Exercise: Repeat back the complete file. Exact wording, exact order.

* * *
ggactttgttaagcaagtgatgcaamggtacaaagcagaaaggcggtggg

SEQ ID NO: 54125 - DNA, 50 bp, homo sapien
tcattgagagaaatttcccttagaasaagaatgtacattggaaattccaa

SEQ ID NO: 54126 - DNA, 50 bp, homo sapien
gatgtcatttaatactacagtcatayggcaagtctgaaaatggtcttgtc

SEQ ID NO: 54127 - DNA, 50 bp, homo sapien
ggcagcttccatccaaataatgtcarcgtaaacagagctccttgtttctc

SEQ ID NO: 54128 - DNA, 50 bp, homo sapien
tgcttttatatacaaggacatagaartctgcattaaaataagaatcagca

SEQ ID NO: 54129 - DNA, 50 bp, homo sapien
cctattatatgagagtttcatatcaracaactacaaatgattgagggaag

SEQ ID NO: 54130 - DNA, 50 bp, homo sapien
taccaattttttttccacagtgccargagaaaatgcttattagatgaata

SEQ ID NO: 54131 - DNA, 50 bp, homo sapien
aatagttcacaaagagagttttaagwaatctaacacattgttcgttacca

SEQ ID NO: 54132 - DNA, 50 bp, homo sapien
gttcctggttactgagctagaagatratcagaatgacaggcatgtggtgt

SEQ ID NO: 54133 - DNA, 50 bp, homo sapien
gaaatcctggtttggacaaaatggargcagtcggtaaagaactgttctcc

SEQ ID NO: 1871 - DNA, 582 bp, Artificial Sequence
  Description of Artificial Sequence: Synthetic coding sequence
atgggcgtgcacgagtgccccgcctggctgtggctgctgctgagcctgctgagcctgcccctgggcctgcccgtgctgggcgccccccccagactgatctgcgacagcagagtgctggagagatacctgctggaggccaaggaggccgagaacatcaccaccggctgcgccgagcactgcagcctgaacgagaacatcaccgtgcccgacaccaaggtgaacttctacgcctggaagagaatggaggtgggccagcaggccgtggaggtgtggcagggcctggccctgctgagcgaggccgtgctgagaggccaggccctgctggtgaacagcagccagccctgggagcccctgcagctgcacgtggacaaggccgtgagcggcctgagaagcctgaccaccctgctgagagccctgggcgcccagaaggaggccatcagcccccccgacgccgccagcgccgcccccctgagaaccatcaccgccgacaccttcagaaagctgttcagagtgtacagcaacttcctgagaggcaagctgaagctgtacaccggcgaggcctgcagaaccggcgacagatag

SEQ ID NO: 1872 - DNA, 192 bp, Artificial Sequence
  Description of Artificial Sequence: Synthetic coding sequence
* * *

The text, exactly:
ggactttgttaagcaagtgatgcaamggtacaaagcagaaaggcggtggg

SEQ ID NO: 54125 - DNA, 50 bp, homo sapien
tcattgagagaaatttcccttagaasaagaatgtacattggaaattccaa

SEQ ID NO: 54126 - DNA, 50 bp, homo sapien
gatgtcatttaatactacagtcatayggcaagtctgaaaatggtcttgtc

SEQ ID NO: 54127 - DNA, 50 bp, homo sapien
ggcagcttccatccaaataatgtcarcgtaaacagagctccttgtttctc

SEQ ID NO: 54128 - DNA, 50 bp, homo sapien
tgcttttatatacaaggacatagaartctgcattaaaataagaatcagca

SEQ ID NO: 54129 - DNA, 50 bp, homo sapien
cctattatatgagagtttcatatcaracaactacaaatgattgagggaag

SEQ ID NO: 54130 - DNA, 50 bp, homo sapien
taccaattttttttccacagtgccargagaaaatgcttattagatgaata

SEQ ID NO: 54131 - DNA, 50 bp, homo sapien
aatagttcacaaagagagttttaagwaatctaacacattgttcgttacca

SEQ ID NO: 54132 - DNA, 50 bp, homo sapien
gttcctggttactgagctagaagatratcagaatgacaggcatgtggtgt

SEQ ID NO: 54133 - DNA, 50 bp, homo sapien
gaaatcctggtttggacaaaatggargcagtcggtaaagaactgttctcc

SEQ ID NO: 1871 - DNA, 582 bp, Artificial Sequence
  Description of Artificial Sequence: Synthetic coding sequence
atgggcgtgcacgagtgccccgcctggctgtggctgctgctgagcctgctgagcctgcccctgggcctgcccgtgctgggcgccccccccagactgatctgcgacagcagagtgctggagagatacctgctggaggccaaggaggccgagaacatcaccaccggctgcgccgagcactgcagcctgaacgagaacatcaccgtgcccgacaccaaggtgaacttctacgcctggaagagaatggaggtgggccagcaggccgtggaggtgtggcagggcctggccctgctgagcgaggccgtgctgagaggccaggccctgctggtgaacagcagccagccctgggagcccctgcagctgcacgtggacaaggccgtgagcggcctgagaagcctgaccaccctgctgagagccctgggcgcccagaaggaggccatcagcccccccgacgccgccagcgccgcccccctgagaaccatcaccgccgacaccttcagaaagctgttcagagtgtacagcaacttcctgagaggcaagctgaagctgtacaccggcgaggcctgcagaaccggcgacagatag

SEQ ID NO: 1872 - DNA, 192 bp, Artificial Sequence
  Description of Artificial Sequence: Synthetic coding sequence